New ESA Position Statement: Protecting Endangered Insects Protects Our Country

Insects play crucial role in sustaining healthy ecosystems

Annapolis, MD; June 29, 2017—Even though insects outnumber vertebrate species by more than 20:1 on planet Earth, more than five times as many vertebrates are listed as endangered or threatened in the United States. Insects are greatly under-represented on the U.S. endangered list.

And yet insects are essential components of the biological diversity that sustains healthy ecosystems. The Entomological Society of America urges the American public and policymakers to protect these crucial indicators of environmental health in its new position statement on endangered insect species.

Examples of economically important but endangered insects include:

  • The rusty patched bumble bee (Bombus affinis), once common across the Midwest and eastern U.S. and Canada, now inhabits just 0.1 percent of its historic range. Losing the bee to extinction would mean losing its role in pollination of cranberries, plums, apples, and several dozen species of native wildflowers.
  • The American burying beetle (Nicrophorus americanus), which once lived in 35 states across the country, now remains in just six states. It buries dead animals to feed its young, thereby removing breeding habitat for flies that transmit disease to people, pets, and livestock.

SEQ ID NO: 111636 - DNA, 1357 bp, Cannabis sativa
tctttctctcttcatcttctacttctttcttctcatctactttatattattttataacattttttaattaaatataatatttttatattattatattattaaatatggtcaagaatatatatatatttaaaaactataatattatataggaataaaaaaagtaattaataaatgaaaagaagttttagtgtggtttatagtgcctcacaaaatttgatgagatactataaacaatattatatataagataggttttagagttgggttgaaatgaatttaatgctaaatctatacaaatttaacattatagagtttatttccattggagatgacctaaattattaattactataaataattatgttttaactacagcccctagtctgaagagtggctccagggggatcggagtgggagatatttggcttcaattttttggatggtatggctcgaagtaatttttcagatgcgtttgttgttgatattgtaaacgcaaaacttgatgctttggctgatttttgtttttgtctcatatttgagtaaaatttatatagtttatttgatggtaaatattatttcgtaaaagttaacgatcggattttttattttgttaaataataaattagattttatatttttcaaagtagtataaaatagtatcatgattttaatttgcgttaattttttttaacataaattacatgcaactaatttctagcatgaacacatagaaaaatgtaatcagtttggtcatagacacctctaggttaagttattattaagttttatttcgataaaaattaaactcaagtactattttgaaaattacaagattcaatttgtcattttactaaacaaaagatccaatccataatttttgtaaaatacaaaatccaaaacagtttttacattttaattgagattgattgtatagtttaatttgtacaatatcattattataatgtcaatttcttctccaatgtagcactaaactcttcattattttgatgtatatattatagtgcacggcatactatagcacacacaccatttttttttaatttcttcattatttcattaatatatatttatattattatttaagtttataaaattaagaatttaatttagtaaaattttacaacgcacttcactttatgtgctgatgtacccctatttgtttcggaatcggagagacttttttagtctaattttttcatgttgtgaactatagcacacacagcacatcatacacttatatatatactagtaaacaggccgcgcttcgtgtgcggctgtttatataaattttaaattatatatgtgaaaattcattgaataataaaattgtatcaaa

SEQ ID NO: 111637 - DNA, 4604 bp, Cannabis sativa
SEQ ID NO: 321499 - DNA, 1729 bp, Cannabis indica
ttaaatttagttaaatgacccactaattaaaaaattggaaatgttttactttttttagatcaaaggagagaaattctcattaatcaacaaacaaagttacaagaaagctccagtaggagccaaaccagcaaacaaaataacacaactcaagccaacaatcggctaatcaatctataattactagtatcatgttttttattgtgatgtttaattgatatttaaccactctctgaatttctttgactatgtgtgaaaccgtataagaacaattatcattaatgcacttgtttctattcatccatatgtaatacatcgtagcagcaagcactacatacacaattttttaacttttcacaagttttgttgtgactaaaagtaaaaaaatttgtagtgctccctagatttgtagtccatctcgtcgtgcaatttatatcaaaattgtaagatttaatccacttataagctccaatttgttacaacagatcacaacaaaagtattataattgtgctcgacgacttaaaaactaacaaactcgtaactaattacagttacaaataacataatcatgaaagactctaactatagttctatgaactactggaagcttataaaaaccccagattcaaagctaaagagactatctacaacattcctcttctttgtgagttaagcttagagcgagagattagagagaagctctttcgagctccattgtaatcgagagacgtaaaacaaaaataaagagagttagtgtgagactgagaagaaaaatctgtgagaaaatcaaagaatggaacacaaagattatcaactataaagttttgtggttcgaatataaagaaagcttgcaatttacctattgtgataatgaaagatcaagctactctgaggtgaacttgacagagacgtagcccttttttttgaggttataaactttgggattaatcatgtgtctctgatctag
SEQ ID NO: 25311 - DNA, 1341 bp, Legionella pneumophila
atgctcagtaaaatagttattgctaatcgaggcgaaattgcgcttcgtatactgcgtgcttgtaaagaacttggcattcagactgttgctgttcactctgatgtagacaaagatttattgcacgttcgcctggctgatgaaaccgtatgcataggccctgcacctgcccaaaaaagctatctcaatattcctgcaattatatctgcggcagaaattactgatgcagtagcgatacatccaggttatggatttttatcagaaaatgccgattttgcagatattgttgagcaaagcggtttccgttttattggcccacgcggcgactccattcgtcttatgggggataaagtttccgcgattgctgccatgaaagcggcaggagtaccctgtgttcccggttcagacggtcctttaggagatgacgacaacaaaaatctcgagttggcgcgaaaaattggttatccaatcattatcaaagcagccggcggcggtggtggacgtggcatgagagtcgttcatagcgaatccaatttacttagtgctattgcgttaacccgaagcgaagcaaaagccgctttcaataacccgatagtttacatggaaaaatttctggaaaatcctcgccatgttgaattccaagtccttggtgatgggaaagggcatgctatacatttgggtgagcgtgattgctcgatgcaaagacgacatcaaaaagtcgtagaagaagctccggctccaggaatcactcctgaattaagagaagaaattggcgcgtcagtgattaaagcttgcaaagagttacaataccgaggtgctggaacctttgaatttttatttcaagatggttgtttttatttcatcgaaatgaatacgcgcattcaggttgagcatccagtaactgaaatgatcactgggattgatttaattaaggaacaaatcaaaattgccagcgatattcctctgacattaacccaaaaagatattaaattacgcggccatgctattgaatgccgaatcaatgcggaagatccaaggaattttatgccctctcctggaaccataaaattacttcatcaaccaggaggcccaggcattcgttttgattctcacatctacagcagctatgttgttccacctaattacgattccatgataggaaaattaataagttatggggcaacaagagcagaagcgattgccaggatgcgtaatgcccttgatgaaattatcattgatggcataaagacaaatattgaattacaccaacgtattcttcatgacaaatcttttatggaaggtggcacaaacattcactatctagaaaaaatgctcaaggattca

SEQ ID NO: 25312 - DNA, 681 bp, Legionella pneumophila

The Endangered Species Act of 1973 is one of America’s key conservation laws, designed to protect species and the ecosystems that sustain them and widely recognized as a worthwhile economic investment. Federal and state agencies spend approximately $1.5 billion per year to implement the Endangered Species Act, but the economic return on protecting the biodiversity of insects alone is far greater. For example, native insects such as the rusty patched bumble bee contribute to more than $3 billion in pollination services to U.S. crops while providing food for wildlife, reducing costs of pest control, and improving ecosystem health by recycling nutrients—services that total more than $57 billion.

The Entomological Society of America advocates the following positions regarding the U.S. Endangered Species Act of 1973:

  • The decision to protect a species should be made by scientists on the basis of scientific evidence.
  • Insect conservation is important. However, a clear bias towards plants and vertebrates exists in the listing process. The population dynamics and speciation processes of insects differ and should be accounted for when assessing their status. This is an area where the Endangered Species Act needs improvement.
  • Recovery plans must continue to take into account multiple stakeholders, including landowners, developers, the agriculture community, and the general public, with sound science as an integral part of the process.
  • The Endangered Species Act should not be repealed. The Act works. It has repeatedly been demonstrated that species with adequately funded recovery plans can recover. Federal protection and funding is crucial as endangered species often cross state lines.

CONTACT: Joe Rominiecki, jrominiecki@entsoc.org, 301-731-4535 x3009

ABOUT: ESA is the largest organization in the world serving the professional and scientific needs of entomologists and people in related disciplines. Founded in 1889, ESA today has over 6,000 members affiliated with educational institutions, health agencies, private industry, and government. Headquartered in Annapolis, Maryland, the Society stands ready as a non-partisan scientific and educational resource for all insect-related topics. For more information, visit http://www.entsoc.org.